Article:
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Fall Leaf Color: Why No Blue Leaves?

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From: Gary Fleeger
City:
Marysville, PA
Can you tell me why when the leaves turn color in the fall, there are no blue leaves. We have virtually every other color of the spectrum, but no blue. There are purple and maroon leaves, and these two color have a component of blue in them, so there is blue pigment in there somewhere. But leaves are never blue. We do have blue in nature, such as blue flowers, so there are blue pigments. I am aware that the colors come from the pigments Carotenoids and Anthocyanins. The purple comes from the anthocyanins. And that they are present year round, but masked by the chlorophyll (whose green also contains a component of blue, along with yellow) in summer. But I have been unable to determine why the color blue never appears by itself, as every other color does. I have done Internet searches (which is how I found your web site), but have never found anything addressing the lack of blue leaves. In addition to the chemical reason, I am also curious if there might be some evolutionary reason causing the chemistry that results in every color but blue (or prevents blue). A friend of mine (a former park naturalist) who was the first to whom I had inquired about this hypothesized that blue pigment might filter out a wavelength that the chlorophyll needs. So it would be evolutionarily BAD to be blue, if you wanted to photosynthesize.

Perhaps yellow pigment would not do that, for some reason, but blue pigment would.

 
Extension Message
From: Jay Hayek
Extension Specialist, Forestry
Natural Resources & Environmental Sciences
jhayek@illinois.edu
Greetings Gary:

Okay, I'll give your question a shot :-) However, please note that I am definitely not a tree/plant physiologist.

Source: Pallardy, S.G. 2008. Physiology of Woody Plants, 3rd Edition.

Source: http://scifun.chem.wisc.edu/CHEMWEEK/fallcolr/fallcolr.html

Energy capture and CO2 fixation occur in the chloroplasts of higher order plants – chlorophylls (chlorophyll-a and chlorophyll-b) are the most important pigments found in chloroplasts. Additional “accessory” pigments present in plants include carotenes such as B-carotene and xanthophylls.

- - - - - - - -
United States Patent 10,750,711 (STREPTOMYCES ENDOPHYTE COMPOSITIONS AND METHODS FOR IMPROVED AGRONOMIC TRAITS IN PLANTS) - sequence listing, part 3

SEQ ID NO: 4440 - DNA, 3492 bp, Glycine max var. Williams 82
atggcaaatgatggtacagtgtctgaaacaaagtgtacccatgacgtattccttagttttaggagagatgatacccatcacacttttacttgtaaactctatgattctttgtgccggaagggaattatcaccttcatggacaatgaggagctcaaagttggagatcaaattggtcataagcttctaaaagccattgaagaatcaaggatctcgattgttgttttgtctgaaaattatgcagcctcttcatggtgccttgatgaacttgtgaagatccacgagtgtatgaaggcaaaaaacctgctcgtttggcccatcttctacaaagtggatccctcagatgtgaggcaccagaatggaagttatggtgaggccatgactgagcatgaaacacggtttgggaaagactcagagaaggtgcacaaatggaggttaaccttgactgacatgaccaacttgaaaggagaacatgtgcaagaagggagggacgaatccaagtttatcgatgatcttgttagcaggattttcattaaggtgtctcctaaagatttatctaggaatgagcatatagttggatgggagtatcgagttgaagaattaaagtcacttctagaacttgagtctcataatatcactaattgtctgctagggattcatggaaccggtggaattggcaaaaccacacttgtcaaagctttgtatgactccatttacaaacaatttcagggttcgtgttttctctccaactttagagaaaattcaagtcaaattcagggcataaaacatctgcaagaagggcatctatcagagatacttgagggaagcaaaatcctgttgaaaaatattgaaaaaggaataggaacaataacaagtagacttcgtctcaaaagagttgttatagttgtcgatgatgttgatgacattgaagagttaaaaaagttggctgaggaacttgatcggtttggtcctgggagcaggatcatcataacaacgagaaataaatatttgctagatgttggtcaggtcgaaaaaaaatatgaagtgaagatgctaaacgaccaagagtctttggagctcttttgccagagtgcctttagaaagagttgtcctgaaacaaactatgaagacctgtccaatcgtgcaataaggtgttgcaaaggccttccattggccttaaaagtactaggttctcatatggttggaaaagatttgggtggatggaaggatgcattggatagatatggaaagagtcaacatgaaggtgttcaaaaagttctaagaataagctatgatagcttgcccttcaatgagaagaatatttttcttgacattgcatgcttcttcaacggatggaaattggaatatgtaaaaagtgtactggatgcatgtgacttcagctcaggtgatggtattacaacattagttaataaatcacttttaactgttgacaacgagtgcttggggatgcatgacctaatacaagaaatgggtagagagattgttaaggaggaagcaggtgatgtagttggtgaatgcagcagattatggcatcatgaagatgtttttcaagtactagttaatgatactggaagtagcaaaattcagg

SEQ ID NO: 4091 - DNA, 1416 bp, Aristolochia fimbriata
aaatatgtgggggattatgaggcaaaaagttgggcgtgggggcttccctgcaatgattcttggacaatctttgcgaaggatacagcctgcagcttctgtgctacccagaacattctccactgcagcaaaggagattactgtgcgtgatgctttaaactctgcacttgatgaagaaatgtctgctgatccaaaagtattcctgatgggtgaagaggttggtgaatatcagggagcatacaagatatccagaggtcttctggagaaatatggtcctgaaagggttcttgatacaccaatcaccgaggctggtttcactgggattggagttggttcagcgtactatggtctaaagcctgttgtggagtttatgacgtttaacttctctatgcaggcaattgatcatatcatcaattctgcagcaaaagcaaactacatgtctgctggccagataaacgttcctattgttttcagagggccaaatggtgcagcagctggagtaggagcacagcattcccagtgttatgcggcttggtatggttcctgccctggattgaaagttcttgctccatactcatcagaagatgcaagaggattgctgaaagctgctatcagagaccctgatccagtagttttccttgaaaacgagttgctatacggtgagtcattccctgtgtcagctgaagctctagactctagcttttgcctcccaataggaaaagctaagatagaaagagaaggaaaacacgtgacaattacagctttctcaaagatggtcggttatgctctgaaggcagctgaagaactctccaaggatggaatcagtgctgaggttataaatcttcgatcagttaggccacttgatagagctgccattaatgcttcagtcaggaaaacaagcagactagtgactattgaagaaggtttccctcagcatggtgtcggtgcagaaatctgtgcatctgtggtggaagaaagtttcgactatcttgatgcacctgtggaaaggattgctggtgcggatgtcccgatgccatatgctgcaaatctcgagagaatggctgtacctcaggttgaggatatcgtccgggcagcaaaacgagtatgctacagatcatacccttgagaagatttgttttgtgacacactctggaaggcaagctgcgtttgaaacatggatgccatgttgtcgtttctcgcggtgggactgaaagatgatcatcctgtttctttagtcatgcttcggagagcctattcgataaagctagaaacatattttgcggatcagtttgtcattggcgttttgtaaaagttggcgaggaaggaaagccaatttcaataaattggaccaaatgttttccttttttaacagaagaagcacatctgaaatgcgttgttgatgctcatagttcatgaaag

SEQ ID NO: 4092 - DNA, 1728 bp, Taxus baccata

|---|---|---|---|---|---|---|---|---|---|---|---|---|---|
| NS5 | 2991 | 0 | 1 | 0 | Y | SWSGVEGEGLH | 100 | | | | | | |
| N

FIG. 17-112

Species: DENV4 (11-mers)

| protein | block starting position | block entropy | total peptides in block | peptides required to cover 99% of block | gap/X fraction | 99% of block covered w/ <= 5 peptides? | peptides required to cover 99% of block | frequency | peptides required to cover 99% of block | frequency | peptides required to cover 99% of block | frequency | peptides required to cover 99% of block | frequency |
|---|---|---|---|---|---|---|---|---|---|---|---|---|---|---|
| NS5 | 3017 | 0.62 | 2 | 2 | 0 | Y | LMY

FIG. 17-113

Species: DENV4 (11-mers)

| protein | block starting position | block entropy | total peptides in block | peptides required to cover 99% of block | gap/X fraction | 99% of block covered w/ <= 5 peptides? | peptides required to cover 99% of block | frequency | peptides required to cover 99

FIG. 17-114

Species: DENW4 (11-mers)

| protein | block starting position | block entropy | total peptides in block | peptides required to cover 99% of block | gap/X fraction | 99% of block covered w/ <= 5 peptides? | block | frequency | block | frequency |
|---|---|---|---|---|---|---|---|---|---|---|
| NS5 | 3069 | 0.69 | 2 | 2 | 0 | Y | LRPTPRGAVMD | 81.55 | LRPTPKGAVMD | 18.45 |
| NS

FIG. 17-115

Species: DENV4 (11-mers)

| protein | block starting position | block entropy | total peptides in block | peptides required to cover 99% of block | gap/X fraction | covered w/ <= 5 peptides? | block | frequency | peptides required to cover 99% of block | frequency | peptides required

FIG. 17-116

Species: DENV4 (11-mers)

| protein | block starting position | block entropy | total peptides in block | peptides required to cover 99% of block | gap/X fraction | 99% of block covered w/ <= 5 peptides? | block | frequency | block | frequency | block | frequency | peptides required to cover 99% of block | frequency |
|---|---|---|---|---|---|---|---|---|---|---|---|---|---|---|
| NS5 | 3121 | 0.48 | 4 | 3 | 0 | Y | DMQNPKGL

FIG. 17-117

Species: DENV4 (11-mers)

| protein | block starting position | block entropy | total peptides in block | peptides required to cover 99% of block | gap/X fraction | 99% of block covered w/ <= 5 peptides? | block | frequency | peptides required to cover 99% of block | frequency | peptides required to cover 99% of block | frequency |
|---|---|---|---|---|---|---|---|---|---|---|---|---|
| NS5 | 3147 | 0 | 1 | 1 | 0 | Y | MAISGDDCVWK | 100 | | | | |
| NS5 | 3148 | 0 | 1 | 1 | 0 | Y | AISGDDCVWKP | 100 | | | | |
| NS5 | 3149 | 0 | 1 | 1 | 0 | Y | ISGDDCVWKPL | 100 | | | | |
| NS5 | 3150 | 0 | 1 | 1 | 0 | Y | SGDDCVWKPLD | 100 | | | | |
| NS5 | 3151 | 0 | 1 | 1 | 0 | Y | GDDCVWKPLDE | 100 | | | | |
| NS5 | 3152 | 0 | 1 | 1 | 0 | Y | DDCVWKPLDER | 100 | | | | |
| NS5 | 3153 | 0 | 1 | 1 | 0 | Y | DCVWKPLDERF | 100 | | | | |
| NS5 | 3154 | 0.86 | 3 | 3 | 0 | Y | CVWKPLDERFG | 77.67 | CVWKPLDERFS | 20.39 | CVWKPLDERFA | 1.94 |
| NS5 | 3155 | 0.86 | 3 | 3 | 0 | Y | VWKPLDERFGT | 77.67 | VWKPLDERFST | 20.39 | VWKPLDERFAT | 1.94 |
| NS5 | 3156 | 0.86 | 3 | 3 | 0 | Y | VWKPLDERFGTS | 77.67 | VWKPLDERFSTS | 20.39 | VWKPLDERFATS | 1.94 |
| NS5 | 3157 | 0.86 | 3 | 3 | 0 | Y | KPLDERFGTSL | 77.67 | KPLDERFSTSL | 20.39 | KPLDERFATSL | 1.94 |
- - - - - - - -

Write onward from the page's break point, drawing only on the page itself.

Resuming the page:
The absorption spectra of the chlorophylls indicate two peaks of absorption in the visible region, one in the blue and one in red wavelengths, 450-495 and 620-750 nm, respectively. The relative absence of absorption in the green region clearly illustrates why these pigments give plants and much of the world a greenish color (i.e., green wavelengths are reflected and not absorbed by the chlorophylls). Leaves of a few varieties of trees such as copper beech and Crimson King Norway and Japanese maples are red or purple because of the presence of anthocyanin pigments that occur in the cell sap of the vacuole rather than in the chloroplasts. Anthocyanin pigment, with their intense absorption of solar radiation in the photosynthetically active blue wavelengths, protects the photosynthetic apparatus from oxidative damage.

Anthocyanin pigments, responsible for the pink, red, and purple colors are related to the carbohydrates and carbohydrate accumulation favors their formation. Anthocyanins and glycosides formed by reactions between various sugars and complex cyclic compounds called anthocyanidins – they are water soluble and usually occur in the cell sap of the vacuole. Anthocyanins usually are red in acid solution and may become purplish to blue as the pH is increased. The amount of anthocyanin pigments depends primarily on the possession of certain hereditary potentialities for their production, but environmental factors also have an influence. As chlorophyll synthesis stops, the chlorophyll already present begins to decompose chemically and the newly formed anthocyanins are unmasked. In those species that do not form anthocyanin pigments, the autumn breakdown of chlorophyll unmasks the relatively more stable yellow carotene and xanthophylls pigments; or there may be an admixture of red anthocyanin pigment with yellow carotene to give a bright orange color, as in some species of maple. In other species both chlorophyll and carotenoids disintegrate simultaneously and new carotenoids are synthesized. Thus, by disintegration of green pigments and the unmasking of yellow ones, the formation of red pigments, or all three, the leaves may assume various shades of yellow, orange, crimson, purple, or red.

Carotenes (cell membranes; chloroplasts): absorb blue-green and blue wavelengths; thus the light reflected appears yellow to our eyes.

Anthocyanins (not attached to cell membranes; cell sap): absorb blue, blue-green, and green wavelengths; thus the light reflected appears reddish to our eyes.

Chlorophylls (cell membranes; chloroplasts): absorb red and blue wavelengths; thus the light reflected appears green to our eyes.

Carotene & Chlorophyll: absorb red, blue-green, and blue wavelengths; thus the light reflected appears green to our eyes.

So, a very general answer to your question may be the general theme associated with the major pigments found within native plant leaves: blue wavelength light is generally absorbed and not reflected. Hence, there are few true blue-colored summer or autumn leaves. Of course, there are exceptions.

I’m sure I will receive constructive feedback if I unintentionally misrepresented any information contained in my explanation :-)

Sources: Pallardy 2008 and scifun.chem.wisc.edu

 
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